Eoin O’Mahony Bursary Event
WhenThursday, February 20, 2020, 13:00 - 17:30
Eoin O'Mahony Bursary in Irish history grant recipients present on outcomes of their completed research projects as funded through the scheme
The Eoin O’Mahony Bursary was set up by friends and family of the late Eoin O’Mahony. The scheme, open to candidates engaged in historical research on subjects of Irish interest, provided support for the direct costs of consulting sources which were unavailable in Ireland.
In 2019, in its final year the scheme funded six scholars to travel to further their research. The grant recipients will present on the outcomes of their completed research projects as funded through the scheme. The event will also include reminiscences of the late Eoin O’Mahony by his friend and founder of the Eoin O’Mahony bursary, Mr. Charles Lysaght.
1:00pm: Refreshments served in the Members and Council Room
1:15pm: Opening welcome by the Humanities Secretary of the Royal Irish Academy, Professor Mary O’Dowd, Queens University Belfast
1:25pm: Introduction by Mr. Charles Lysaght and recording of Eoin O’Mahony
2:00pm: Anthony Cotter and Nora Hickey
2:05pm: Steven Egan: The partition of Ireland in the transnational perspectives of the Dominions of Canada and Australia
2:35pm: Jennifer Redmond: Charlotte Grace O'Brien: Documenting an Extraordinary Life
3:05pm: Ciaran McDonnell: For king or country? Transnational military identity and the Irish officers in the French Revolution
3:35pm: Tea break
3:50pm: Jay Roszman: Outrage in the Age of Reform: Irish Agrarian Violence, Imperial Insecurity, and British Governing Policy 1830-1845
4.20pm: Marie Léoutre: Irishmen in the service of Spain and migration to the New World in the Eighteenth Century: the case of Hugo Oconór
4.50pm: Kathleen McCrudden: Sophie de Grouchy and the End of the Enlightenment (1785-1815)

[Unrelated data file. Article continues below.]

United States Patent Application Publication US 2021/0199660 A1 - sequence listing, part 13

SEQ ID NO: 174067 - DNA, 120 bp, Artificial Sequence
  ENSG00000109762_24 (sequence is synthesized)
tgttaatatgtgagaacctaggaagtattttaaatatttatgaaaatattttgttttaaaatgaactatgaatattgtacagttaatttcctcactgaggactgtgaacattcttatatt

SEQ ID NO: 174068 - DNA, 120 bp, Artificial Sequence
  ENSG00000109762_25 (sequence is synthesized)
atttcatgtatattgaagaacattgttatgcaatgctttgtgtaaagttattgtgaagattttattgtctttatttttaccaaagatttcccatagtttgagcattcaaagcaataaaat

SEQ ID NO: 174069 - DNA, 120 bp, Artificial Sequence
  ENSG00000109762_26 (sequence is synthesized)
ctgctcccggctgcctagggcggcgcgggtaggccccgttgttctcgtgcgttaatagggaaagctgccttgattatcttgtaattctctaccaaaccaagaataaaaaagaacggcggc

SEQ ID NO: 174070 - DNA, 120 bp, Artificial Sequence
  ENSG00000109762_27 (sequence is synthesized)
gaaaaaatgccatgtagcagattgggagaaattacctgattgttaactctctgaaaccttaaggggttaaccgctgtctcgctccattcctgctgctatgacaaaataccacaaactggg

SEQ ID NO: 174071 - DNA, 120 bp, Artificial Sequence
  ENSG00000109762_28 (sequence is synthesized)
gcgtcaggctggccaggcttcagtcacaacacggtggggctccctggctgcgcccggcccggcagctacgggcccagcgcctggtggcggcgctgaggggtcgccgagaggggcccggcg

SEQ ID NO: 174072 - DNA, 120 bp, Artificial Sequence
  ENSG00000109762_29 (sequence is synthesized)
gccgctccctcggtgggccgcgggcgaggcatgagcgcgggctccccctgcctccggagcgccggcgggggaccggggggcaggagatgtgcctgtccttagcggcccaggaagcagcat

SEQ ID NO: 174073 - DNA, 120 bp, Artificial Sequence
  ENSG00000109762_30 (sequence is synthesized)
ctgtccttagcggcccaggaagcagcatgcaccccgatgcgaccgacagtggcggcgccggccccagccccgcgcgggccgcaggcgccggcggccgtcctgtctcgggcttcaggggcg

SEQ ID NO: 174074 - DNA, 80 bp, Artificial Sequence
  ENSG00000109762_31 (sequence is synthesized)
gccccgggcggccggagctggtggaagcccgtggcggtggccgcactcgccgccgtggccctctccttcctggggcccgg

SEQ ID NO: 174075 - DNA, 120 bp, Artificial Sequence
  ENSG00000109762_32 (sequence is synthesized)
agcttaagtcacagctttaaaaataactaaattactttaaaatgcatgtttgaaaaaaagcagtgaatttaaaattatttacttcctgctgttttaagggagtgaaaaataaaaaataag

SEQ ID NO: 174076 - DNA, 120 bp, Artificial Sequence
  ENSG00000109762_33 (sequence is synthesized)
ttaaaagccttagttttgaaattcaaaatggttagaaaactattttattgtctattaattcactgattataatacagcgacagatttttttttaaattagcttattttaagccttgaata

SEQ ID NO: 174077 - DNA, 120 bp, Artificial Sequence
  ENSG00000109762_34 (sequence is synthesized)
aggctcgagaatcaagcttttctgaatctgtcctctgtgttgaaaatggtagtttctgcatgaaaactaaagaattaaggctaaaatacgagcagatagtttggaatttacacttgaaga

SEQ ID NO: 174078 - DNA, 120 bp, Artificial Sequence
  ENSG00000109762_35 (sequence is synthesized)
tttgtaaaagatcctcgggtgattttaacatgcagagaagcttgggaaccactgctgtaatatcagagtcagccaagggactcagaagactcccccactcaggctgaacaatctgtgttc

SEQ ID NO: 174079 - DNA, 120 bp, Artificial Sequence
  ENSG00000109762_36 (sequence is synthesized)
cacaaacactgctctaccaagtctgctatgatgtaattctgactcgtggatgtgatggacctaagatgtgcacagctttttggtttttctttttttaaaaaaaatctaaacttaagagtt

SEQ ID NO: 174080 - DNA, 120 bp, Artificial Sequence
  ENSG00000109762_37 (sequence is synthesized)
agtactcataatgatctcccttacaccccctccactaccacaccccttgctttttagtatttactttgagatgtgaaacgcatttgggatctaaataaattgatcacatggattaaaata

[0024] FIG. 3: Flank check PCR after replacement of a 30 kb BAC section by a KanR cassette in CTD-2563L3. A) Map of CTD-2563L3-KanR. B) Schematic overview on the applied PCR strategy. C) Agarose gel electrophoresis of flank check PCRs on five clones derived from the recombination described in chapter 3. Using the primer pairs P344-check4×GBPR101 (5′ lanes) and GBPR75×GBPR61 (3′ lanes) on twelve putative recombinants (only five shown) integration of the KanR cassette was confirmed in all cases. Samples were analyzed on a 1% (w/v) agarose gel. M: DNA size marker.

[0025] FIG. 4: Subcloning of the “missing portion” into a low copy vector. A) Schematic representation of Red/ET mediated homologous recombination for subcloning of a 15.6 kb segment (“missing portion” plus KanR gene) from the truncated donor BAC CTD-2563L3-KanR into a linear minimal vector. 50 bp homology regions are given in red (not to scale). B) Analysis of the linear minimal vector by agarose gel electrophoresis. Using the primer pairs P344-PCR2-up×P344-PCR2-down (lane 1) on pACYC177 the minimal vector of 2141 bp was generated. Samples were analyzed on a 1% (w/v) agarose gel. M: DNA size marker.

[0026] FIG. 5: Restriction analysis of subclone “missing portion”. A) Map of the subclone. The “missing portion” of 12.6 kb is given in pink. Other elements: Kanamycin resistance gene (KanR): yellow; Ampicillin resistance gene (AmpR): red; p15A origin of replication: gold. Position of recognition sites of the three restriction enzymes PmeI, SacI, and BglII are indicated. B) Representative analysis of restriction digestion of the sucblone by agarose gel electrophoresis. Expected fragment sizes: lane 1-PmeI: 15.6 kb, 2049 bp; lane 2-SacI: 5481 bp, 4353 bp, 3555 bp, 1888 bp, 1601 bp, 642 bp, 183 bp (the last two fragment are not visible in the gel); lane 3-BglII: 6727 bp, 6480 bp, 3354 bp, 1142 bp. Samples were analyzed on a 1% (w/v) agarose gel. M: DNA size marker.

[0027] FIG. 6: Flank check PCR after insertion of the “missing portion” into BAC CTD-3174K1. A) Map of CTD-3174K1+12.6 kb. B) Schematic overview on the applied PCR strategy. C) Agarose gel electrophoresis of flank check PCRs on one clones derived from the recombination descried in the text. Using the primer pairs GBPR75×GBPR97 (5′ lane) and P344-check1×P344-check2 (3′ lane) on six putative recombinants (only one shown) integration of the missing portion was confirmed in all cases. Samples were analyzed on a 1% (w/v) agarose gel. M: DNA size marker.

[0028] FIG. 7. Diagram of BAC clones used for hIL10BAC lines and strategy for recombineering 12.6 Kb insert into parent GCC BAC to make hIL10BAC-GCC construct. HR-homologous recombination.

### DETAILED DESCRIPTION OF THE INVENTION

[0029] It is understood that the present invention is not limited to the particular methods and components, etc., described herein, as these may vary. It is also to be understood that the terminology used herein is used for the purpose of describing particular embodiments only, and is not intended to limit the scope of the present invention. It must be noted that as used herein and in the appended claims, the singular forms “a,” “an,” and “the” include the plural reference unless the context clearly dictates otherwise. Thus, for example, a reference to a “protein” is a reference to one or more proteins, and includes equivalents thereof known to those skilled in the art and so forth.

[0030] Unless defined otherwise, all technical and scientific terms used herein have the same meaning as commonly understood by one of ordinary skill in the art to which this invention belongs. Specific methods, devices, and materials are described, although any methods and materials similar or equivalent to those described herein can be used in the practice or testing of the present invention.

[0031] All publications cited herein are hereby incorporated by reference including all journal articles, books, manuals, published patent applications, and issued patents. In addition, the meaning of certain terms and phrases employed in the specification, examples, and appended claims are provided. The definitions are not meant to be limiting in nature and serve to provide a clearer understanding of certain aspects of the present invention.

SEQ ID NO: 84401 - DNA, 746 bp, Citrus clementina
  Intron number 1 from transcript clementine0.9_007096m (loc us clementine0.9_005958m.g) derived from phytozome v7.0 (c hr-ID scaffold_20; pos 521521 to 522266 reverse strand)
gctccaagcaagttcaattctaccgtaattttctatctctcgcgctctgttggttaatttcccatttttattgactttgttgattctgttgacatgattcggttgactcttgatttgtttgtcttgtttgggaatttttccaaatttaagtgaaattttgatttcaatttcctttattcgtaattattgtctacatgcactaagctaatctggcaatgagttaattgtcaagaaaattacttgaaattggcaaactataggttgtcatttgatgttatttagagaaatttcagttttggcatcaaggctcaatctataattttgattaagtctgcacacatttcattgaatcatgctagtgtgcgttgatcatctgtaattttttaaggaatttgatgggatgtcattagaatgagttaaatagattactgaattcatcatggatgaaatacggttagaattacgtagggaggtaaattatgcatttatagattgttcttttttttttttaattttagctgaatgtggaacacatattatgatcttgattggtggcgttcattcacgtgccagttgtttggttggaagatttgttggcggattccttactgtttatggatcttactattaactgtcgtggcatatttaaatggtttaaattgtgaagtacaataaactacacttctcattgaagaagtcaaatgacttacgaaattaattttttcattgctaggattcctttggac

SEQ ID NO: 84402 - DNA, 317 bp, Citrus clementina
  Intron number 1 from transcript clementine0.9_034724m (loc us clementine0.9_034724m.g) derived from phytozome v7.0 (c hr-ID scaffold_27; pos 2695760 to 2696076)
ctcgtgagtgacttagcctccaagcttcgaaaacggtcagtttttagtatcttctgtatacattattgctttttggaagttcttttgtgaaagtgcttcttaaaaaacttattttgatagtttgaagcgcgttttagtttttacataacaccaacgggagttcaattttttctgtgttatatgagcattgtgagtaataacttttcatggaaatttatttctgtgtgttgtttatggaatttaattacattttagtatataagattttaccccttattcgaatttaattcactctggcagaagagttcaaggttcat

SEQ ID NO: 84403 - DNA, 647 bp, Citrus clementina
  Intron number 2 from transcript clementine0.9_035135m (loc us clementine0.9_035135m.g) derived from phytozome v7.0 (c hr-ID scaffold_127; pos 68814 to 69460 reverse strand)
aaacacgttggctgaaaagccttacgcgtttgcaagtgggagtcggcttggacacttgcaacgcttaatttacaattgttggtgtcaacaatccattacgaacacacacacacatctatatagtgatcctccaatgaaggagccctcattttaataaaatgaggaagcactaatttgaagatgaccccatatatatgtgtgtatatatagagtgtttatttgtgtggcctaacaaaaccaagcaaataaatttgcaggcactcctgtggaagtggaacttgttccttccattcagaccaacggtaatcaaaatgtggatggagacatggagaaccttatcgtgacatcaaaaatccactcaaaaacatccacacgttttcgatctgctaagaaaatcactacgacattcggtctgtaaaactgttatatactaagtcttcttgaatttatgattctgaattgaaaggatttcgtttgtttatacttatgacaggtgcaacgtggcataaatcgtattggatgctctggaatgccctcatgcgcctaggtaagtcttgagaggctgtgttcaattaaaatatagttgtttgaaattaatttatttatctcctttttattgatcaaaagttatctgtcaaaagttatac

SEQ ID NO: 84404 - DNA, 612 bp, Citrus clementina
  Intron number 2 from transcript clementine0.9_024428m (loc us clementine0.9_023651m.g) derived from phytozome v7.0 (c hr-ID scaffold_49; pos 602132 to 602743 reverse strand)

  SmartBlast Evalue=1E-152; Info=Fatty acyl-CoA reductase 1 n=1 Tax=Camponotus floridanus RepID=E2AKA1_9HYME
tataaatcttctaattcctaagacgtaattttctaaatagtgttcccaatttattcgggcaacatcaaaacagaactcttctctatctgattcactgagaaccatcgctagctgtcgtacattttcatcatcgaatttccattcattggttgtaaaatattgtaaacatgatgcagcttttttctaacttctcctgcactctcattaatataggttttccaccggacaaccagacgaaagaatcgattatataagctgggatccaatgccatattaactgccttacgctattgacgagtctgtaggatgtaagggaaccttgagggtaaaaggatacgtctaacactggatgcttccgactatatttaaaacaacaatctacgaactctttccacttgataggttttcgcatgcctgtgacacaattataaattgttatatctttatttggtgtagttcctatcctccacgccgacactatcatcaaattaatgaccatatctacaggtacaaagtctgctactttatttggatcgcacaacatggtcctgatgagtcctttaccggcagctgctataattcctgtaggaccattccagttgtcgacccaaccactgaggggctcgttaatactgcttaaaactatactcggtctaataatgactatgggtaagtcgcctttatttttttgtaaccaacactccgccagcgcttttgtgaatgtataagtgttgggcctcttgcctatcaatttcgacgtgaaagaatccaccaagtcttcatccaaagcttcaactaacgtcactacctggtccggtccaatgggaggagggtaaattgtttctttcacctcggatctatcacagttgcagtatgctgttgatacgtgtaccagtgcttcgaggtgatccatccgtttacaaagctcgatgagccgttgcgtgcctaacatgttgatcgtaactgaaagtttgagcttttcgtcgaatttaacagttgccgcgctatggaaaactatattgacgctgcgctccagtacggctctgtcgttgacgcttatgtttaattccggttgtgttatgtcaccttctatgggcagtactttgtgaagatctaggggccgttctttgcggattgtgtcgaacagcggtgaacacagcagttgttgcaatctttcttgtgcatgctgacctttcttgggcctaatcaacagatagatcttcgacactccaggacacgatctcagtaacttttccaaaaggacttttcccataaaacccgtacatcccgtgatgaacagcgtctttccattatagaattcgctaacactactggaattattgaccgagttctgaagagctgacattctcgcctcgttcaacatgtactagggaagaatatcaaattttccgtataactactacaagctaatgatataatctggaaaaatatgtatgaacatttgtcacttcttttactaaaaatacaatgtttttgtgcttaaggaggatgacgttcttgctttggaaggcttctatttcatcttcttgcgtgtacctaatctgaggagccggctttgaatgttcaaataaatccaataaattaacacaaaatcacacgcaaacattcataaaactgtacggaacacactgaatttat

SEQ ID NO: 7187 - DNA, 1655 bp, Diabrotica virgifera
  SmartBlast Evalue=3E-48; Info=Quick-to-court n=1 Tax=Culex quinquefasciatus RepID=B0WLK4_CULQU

5.20pm: Closing remarks
O'Mahony, Eoin Seosamh (‘Pope’) (1904–70), barrister, genealogist, journalist, and broadcaster, was born in Monkstown in Cork on 22 March 1904. He studied at King's Inns and Trinity College Dublin, where he had great success as a debater. He was called to the Bar in 1930 but preferred to concentrate on causes that engaged his own enthusiasm such as Great Southern Railway, refugee children and the release of IRA prisoners. He was devoted to family history and was one of the founders of the Irish Genealogical Research Society. He was able to indulge his passion for family history when, between 1962 and 1967, Radio Éireann retained him to compere a programme broadcast at Sunday lunchtime called Meet the clans. Amongst other roles and interests he spent two terms as a visiting professor at the University of South Illinois, was heavily involved in Commemoration of oft-overlooked historic figures and played an active part in the Irish Georgian Society. He passed away suddenly on 15 February 1970. Among many generous tributes was one in The Times stating that if he had had a Boswell he was the stuff of Johnson.
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